You May Pay 20% More For Electricity If Eskom Tariff Increase Is Approved By Nersa

The National Energy Regulator of South Africa (NERSA) will let the public know this week if it’ll allow Eskom a 20,5% price increase after the utility’s second application. The regulator rejected Eskom’s first application in September 2021.
According to the Mail and Guardian, Eskom lodged a multiyear pricing determination (MYPD) ruling following Eskom’s application to have NERSA’s decision to reject their application set aside as unlawful. It formally lodged its MYPD5 application on 2 June 2021, but NERSA rejected it as it was prepared using an expired methodology.
“It is unlawful in that it proposes a route directly in conflict with the obligation created for Eskom by Section 42(2) of the Municipal Finance Management Act (MFMA) and it is impractical in that it proposes a tariff determination be submitted and decided upon, including public comment thereon, on the back of a non-existent methodology,” Engineering News explained.
NERSA, this patient needs an enema!
The public had time to submit their comments on the price hike and SA’s energy regulator now has until 25 February to render its decision on the Eskom tariff hike. This will ensure that the increase — assuming there is one — is implemented before 1 April 2022. Perhaps this will all turn out to be April Fool’s joke?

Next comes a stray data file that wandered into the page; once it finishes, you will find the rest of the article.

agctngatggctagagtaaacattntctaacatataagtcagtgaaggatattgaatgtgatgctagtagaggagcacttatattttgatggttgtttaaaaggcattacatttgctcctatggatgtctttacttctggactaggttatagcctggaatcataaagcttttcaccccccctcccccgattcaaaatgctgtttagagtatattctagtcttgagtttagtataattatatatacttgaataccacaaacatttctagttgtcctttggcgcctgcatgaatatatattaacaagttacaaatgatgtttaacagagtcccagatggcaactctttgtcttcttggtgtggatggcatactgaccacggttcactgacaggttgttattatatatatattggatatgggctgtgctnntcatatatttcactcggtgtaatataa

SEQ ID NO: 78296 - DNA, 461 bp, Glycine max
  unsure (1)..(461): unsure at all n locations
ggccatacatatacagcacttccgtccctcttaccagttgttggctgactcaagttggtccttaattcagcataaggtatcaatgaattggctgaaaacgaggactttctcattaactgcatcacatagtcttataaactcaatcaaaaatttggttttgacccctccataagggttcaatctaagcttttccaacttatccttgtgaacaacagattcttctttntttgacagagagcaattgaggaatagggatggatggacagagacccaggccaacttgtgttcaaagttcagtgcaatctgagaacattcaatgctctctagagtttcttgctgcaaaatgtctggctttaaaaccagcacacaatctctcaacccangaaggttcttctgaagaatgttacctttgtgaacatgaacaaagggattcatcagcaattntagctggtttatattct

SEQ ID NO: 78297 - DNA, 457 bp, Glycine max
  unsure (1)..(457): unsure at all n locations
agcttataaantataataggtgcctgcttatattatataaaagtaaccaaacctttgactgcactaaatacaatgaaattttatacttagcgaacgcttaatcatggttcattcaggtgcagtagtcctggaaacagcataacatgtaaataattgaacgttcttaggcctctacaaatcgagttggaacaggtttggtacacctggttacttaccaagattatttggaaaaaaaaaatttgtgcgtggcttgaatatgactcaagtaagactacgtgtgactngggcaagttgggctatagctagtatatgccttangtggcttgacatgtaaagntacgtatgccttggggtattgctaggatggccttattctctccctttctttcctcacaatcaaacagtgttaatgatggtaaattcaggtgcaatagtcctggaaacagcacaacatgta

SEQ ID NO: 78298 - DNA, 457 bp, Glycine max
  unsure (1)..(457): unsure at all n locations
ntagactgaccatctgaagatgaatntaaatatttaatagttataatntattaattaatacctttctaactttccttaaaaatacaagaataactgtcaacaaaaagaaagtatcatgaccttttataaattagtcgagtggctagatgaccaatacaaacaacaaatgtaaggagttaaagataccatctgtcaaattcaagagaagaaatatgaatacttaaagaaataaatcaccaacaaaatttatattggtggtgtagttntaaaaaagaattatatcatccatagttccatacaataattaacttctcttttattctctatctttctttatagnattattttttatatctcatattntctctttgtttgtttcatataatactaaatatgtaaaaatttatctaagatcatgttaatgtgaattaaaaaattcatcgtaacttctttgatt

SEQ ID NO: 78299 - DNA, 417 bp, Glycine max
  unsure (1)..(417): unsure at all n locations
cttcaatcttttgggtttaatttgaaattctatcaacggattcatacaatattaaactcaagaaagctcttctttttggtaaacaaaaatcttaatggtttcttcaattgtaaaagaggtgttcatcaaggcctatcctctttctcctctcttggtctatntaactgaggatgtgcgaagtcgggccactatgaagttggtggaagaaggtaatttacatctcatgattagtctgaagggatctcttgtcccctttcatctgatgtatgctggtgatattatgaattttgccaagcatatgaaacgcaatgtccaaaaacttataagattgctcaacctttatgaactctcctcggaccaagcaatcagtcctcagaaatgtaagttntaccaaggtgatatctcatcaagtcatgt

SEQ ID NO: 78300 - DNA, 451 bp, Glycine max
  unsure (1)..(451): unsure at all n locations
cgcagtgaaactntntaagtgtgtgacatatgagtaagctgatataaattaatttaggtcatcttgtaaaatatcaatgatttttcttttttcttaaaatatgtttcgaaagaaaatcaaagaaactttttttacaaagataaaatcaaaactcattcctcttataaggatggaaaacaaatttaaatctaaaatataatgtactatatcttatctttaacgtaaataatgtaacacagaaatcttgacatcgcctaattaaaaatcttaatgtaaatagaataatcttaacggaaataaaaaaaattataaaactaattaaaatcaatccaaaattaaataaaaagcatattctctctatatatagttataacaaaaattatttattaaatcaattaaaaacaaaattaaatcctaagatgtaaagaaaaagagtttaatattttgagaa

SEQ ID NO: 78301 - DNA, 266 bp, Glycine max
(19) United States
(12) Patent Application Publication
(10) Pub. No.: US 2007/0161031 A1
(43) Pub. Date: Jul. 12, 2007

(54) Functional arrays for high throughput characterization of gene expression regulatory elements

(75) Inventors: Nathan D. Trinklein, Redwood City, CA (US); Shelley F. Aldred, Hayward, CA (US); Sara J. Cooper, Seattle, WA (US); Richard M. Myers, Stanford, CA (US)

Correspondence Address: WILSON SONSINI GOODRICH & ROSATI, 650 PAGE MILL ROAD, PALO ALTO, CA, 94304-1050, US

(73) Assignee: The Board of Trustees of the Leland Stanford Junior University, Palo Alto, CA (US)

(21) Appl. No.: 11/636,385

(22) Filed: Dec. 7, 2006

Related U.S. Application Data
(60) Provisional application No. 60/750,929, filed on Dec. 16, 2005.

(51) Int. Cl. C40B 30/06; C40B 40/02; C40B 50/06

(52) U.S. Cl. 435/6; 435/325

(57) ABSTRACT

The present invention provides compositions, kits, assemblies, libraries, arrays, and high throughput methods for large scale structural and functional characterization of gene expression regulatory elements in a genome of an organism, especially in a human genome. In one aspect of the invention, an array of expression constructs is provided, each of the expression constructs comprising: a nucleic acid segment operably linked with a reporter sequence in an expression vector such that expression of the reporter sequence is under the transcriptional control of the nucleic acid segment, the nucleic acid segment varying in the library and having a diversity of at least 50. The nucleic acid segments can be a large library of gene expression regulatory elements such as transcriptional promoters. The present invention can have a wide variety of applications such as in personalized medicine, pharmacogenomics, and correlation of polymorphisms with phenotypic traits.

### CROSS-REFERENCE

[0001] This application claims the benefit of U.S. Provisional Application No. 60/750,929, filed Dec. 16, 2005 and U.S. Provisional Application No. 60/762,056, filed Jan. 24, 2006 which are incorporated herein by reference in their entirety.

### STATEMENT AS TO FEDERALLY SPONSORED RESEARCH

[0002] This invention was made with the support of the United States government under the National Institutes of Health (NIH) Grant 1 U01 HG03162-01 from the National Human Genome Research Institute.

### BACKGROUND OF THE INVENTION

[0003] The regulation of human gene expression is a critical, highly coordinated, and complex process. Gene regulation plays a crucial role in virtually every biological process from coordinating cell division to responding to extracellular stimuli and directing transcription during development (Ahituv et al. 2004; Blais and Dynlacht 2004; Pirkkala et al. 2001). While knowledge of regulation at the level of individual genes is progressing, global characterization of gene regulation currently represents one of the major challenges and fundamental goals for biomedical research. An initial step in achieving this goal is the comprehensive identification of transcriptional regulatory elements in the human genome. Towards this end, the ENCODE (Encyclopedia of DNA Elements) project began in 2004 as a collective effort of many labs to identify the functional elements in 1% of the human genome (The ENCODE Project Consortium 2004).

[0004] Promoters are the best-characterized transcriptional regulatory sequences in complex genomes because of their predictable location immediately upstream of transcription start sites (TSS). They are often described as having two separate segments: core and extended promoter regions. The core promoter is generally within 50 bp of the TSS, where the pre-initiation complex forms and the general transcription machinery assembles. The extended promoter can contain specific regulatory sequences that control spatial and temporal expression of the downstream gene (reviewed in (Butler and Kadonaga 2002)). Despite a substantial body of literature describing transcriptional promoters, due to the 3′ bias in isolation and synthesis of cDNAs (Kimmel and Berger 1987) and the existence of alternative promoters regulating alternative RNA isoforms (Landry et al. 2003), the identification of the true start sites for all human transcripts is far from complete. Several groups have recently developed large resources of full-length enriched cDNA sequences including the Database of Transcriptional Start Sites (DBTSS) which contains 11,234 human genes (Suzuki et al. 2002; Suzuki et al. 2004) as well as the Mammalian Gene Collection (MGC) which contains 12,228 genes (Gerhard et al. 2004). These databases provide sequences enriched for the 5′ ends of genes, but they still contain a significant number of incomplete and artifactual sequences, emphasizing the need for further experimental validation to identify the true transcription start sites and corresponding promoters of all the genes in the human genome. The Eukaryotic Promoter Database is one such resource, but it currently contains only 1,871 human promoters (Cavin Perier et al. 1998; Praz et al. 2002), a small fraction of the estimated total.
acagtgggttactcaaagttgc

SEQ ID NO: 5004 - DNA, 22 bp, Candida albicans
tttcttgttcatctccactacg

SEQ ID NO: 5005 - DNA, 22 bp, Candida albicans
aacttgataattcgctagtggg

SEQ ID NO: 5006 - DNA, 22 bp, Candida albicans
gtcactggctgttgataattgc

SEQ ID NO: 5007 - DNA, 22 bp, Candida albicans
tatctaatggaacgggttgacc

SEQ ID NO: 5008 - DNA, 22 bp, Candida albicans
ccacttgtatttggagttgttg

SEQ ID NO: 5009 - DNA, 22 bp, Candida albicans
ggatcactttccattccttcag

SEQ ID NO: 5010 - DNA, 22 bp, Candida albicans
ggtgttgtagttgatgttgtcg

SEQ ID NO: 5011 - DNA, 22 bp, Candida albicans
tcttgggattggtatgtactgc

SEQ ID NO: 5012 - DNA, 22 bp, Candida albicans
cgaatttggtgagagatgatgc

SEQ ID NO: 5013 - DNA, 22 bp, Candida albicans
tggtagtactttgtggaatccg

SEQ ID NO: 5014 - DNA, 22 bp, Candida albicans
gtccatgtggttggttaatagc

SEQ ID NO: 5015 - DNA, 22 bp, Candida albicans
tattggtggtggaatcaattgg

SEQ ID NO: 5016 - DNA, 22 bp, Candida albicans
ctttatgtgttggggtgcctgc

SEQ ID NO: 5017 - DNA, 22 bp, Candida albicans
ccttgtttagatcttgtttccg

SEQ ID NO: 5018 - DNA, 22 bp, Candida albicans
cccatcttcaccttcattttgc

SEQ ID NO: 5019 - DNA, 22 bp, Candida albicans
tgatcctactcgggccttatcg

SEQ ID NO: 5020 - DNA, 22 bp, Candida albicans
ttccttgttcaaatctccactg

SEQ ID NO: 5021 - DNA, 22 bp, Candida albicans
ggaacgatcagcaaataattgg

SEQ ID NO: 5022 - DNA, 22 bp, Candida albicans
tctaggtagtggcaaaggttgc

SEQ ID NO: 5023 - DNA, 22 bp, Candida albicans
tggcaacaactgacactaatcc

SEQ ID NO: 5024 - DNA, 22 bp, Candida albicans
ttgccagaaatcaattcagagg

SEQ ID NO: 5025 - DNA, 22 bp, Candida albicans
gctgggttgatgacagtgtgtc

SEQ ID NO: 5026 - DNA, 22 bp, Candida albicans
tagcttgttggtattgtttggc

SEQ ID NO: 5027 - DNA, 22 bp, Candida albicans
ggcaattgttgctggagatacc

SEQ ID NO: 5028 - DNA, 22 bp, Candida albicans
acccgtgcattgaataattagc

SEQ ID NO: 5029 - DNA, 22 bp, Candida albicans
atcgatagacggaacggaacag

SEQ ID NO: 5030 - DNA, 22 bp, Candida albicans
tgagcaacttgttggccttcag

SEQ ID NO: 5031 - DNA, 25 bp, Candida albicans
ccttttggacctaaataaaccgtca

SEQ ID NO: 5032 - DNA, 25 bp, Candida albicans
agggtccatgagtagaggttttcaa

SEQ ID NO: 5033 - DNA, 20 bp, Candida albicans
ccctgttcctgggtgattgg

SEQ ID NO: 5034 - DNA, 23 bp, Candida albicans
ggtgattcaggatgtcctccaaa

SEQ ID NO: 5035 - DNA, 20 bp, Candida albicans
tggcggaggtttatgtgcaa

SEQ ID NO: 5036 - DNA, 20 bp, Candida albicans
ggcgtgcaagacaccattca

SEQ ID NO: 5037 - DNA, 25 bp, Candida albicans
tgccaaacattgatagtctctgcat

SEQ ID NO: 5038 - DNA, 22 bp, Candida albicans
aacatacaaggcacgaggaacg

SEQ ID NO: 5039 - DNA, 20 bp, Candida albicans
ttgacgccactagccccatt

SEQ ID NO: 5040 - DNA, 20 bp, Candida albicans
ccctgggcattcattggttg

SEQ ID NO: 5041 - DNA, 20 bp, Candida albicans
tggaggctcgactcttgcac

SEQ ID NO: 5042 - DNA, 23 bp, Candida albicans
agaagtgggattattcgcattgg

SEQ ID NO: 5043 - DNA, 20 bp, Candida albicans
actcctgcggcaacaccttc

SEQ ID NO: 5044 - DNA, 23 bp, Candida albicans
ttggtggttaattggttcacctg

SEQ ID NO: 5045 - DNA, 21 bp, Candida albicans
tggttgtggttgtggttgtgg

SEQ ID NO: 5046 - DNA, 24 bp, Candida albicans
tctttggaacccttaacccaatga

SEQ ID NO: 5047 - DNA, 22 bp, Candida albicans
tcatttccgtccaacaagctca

According to BusinessTech, Cape Town mayor Geordin Hill-Lewis said that businesses and the public are not happy about the proposed increase. The mayor addressed a letter to Eskom chief executive, André de Ruyter. It’s no secret that many suffered during the pandemic. Businesses closed, leaving South African citizens are without jobs. Hill-Lewis explains as much in his letter.
NERSA indicates that the extreme loadshedding in 2020 and 2021 was mostly due to Eskom being negligent with its fleet, power units at Eskom power stations being offline, and that the public can’t be left with paying off that debt.
“Whatever the merits of the Eskom’s tariff application may be, it must follow that if the application is not dealt with legally and under the prescribed procedures, there must be a real risk of irreparable harm to Eskom in their attempts to secure a tariff that accords with the principles set out in the Electricity Regulation Act,” NERSA details.
A NERSA press release states that the following objectives were thought through when developing the fundamental system: It hopes to “achieve stable electricity prices for the Electricity Industry, achieve a stable electricity system for the electricity Industry that supports Eskom’s sustainability and Improve systems and tools.”
We’re awaiting comment from NERSA, and will update once we receive further details.